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When to Worry About a Mole? - Signs to Look For

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Moles are normal and quite common. Most of us have a them on our bodies. So why would we need to worry about moles? Well, they can sometimes progress into skin cancer, particularly the more dangerous kind called melanoma. 

Moles are typically raised and evenly coloured. They form on the skin, usually during childhood, when cells that produce pigment, called melanocytes, cluster and cause moles to appear on the surface of the skin. Melanocytes produce melanin, which gives the hair, eyes and skin their colour. 

Moles can come in all shapes and sizes, so it can be difficult to spot the difference between regular skin growths and one that is showing cancer warning signs

This is why it's important to perform at-home skin checks regularly, and to see a doctor for a professional check at least once a year. This will help you to keep an eye on your moles and be on the lookout for suspicious changes that might indicate you should have them checked by a professional sooner.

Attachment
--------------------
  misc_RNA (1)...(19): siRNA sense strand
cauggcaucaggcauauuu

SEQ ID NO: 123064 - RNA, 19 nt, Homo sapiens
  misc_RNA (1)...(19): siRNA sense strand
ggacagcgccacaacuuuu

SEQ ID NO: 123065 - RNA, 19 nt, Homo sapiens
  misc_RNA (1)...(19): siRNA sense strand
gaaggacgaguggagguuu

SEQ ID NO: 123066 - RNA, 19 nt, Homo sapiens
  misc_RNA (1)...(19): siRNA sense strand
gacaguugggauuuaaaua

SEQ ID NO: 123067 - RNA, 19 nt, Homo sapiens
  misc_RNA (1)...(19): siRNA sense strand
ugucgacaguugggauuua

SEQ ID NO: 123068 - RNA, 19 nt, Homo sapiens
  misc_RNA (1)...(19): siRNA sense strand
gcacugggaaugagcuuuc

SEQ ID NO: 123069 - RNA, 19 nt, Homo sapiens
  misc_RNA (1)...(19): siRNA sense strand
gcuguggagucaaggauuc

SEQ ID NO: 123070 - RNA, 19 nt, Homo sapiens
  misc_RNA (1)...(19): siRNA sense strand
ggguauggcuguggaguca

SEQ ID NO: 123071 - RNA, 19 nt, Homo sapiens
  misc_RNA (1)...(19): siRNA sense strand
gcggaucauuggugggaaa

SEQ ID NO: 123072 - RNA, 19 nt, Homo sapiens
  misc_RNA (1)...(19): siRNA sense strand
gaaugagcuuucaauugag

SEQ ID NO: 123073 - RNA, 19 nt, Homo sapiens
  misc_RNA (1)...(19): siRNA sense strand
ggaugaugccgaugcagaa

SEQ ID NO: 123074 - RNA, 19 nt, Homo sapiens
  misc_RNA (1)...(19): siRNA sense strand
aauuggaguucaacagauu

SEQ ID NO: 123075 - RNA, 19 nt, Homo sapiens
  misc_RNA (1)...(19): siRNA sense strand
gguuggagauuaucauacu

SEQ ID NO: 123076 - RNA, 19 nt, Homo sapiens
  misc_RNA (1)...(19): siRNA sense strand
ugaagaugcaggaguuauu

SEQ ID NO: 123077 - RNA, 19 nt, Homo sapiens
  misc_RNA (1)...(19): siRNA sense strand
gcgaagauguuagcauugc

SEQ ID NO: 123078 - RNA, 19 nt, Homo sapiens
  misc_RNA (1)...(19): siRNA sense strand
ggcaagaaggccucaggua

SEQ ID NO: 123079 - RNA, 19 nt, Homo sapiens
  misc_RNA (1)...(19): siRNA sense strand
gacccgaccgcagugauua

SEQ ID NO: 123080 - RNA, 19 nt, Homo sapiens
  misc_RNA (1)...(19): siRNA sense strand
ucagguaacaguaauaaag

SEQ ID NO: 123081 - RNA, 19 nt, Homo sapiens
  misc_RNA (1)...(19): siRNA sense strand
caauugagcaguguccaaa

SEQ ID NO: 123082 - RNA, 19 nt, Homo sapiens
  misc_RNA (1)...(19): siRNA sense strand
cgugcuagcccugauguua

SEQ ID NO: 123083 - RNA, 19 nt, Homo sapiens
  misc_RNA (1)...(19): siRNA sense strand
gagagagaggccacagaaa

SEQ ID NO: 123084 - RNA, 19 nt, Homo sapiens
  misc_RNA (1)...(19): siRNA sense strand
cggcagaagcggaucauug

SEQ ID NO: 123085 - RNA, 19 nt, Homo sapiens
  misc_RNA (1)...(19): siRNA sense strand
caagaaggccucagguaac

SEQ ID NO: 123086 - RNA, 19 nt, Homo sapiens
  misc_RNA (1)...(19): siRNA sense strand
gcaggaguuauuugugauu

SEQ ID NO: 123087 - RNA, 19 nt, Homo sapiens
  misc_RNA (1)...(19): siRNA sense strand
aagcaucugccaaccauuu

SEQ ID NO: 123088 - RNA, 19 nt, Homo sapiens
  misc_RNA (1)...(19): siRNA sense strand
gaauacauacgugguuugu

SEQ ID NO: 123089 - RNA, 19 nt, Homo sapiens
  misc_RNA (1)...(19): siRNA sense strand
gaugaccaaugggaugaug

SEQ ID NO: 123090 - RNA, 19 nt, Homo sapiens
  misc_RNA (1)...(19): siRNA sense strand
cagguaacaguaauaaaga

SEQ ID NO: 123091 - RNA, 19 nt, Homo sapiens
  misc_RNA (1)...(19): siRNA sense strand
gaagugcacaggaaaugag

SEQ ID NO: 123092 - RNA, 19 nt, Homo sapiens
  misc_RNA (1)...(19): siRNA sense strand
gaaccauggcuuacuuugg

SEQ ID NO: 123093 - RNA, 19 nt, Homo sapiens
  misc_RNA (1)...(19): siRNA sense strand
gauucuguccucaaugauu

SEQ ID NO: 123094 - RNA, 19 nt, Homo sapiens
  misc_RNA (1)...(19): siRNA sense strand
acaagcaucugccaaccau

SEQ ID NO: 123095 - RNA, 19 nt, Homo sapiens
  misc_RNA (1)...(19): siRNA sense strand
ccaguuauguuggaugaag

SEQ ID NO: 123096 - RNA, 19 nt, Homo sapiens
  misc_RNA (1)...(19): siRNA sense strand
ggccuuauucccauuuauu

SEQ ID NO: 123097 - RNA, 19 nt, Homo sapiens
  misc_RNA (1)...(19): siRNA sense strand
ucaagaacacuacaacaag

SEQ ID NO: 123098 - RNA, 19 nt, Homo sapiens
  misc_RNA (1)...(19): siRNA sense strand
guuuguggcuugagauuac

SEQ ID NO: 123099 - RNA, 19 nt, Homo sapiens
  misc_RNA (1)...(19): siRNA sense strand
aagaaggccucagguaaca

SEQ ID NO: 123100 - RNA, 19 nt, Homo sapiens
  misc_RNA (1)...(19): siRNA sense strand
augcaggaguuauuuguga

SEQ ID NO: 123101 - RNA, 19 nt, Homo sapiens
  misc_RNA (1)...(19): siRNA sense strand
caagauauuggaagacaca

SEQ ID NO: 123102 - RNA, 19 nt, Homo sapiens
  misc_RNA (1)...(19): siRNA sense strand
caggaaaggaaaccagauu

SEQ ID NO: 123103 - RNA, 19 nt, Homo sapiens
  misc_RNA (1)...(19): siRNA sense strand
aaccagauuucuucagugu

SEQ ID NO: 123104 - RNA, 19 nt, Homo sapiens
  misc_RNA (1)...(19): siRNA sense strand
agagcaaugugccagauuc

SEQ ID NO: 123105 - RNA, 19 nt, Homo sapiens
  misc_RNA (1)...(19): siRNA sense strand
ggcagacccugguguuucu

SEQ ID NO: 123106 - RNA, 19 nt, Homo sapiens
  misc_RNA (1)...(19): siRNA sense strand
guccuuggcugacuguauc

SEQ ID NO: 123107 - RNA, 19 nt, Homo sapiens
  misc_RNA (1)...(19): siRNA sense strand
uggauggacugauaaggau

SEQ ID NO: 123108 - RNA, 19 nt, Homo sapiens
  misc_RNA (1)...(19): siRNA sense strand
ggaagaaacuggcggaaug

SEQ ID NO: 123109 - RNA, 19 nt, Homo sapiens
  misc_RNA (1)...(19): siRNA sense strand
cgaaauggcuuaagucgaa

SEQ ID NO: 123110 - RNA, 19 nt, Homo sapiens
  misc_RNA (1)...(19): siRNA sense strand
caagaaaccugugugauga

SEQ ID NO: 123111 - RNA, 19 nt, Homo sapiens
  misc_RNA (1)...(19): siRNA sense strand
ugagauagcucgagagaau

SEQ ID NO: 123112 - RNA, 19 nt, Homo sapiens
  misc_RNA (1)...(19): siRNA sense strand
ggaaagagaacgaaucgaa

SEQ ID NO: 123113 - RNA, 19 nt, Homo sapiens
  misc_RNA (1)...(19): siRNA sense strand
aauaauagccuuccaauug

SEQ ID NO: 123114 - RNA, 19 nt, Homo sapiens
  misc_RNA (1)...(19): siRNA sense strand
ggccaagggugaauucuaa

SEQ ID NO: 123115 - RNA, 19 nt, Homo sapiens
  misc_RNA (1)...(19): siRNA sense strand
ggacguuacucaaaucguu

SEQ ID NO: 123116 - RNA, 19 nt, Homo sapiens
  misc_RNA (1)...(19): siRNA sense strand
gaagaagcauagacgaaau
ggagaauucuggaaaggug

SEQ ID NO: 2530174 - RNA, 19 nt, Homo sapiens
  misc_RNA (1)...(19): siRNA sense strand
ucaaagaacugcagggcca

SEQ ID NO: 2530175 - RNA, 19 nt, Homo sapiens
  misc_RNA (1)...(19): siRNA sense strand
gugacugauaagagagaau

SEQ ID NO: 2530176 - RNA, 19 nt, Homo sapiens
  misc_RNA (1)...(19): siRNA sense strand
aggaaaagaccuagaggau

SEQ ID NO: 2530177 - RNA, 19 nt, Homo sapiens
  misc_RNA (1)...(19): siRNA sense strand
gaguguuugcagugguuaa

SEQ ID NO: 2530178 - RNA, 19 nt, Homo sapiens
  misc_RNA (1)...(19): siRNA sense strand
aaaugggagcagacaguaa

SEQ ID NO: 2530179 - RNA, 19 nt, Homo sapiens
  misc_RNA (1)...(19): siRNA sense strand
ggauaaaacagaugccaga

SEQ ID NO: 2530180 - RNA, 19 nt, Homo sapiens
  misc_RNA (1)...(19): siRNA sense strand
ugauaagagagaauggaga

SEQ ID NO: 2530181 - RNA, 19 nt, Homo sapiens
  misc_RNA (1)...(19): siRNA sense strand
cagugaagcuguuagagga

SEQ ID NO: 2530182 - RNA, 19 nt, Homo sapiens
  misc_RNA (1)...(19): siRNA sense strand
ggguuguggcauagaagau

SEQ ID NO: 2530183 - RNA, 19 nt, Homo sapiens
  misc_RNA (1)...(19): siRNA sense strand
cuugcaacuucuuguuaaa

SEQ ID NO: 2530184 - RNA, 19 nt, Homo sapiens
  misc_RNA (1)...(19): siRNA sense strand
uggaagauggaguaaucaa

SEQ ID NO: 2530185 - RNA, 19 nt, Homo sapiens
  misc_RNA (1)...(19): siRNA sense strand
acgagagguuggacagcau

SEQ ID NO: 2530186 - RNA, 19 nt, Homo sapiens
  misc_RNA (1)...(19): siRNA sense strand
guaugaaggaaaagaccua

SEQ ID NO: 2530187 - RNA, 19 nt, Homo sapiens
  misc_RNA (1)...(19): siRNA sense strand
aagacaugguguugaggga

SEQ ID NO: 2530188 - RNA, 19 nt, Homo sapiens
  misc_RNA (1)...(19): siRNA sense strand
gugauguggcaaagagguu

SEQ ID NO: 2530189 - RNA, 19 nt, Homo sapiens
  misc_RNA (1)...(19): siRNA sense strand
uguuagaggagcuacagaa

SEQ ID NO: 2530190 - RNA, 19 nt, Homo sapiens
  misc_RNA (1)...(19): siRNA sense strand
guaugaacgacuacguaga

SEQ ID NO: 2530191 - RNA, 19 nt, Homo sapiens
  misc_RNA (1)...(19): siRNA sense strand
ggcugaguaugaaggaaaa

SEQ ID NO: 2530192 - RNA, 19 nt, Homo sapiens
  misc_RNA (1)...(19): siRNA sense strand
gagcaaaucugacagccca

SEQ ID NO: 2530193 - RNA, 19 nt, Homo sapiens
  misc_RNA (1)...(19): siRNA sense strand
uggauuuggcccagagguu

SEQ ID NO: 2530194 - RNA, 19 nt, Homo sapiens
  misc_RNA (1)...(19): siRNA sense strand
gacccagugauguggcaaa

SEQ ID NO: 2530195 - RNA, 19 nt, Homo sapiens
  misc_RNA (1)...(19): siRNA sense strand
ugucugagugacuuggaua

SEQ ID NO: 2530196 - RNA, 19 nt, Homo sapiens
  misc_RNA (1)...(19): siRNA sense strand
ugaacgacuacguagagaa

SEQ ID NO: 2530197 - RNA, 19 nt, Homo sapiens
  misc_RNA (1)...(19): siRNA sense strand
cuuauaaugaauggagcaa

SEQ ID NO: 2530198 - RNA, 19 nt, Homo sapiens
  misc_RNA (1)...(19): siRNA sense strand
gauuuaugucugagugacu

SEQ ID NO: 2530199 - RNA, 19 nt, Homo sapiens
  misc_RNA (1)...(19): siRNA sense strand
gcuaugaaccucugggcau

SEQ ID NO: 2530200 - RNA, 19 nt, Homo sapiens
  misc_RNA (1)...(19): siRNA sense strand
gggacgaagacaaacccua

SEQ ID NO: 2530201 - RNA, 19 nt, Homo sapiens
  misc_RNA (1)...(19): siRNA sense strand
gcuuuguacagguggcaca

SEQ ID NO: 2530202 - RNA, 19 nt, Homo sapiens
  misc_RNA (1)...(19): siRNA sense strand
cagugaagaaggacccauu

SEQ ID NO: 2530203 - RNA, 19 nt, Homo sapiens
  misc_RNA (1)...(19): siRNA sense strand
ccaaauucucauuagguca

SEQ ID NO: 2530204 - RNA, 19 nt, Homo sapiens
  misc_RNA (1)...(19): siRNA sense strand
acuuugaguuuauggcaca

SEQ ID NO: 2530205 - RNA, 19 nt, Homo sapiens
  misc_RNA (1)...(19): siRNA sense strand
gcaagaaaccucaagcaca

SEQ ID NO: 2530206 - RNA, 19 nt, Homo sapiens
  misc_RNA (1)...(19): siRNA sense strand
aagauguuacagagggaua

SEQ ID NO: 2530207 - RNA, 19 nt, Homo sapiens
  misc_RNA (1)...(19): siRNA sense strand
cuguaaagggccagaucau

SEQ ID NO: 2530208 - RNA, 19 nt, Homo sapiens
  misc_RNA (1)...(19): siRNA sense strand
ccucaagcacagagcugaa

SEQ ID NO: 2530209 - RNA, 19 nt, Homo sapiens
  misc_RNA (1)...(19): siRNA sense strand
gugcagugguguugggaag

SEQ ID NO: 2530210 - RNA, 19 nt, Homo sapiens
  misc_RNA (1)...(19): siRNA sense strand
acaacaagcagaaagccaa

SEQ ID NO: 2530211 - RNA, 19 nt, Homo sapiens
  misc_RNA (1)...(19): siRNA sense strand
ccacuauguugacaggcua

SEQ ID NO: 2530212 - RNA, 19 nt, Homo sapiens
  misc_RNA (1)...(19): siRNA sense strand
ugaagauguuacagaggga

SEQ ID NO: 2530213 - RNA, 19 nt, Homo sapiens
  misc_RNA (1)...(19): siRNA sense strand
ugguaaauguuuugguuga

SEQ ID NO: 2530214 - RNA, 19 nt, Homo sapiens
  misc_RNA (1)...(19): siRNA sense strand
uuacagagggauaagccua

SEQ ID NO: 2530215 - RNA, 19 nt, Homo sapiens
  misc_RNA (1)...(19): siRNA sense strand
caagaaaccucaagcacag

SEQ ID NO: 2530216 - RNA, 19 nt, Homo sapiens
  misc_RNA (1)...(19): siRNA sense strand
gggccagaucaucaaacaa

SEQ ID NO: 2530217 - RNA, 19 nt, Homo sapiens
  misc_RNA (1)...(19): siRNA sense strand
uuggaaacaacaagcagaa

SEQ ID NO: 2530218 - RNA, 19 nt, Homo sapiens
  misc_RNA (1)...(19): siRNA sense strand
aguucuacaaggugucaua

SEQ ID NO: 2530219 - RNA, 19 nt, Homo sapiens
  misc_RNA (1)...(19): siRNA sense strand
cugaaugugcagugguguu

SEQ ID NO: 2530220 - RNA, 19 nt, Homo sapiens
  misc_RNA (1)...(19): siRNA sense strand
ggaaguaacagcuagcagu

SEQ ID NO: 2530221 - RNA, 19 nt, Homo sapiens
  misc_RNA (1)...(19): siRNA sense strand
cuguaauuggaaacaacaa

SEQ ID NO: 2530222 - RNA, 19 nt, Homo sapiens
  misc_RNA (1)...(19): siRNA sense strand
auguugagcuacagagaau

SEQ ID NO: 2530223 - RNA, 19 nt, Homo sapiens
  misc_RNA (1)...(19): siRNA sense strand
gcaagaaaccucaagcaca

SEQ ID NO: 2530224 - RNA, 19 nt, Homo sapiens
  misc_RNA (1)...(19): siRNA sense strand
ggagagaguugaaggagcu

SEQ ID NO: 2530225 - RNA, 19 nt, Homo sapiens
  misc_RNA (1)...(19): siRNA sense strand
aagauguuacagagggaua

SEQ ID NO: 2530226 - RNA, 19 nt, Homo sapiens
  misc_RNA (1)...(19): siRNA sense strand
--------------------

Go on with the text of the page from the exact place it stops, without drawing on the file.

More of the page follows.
When to worry about a mole: Top signs to look for

Suspected skin cancer spot on arm

Skin cancer often has no physical symptoms like headaches or pain. However, the first warning sign is usually a change in the appearance of your skin or a mole. 

Early detection is critical to the successful treatment of any type of skin cancer, which is why skin checks are so important. 

Use a mirror to spot changes in hard-to-see moles or ask a person you trust to help you. Take care to check your whole body, including: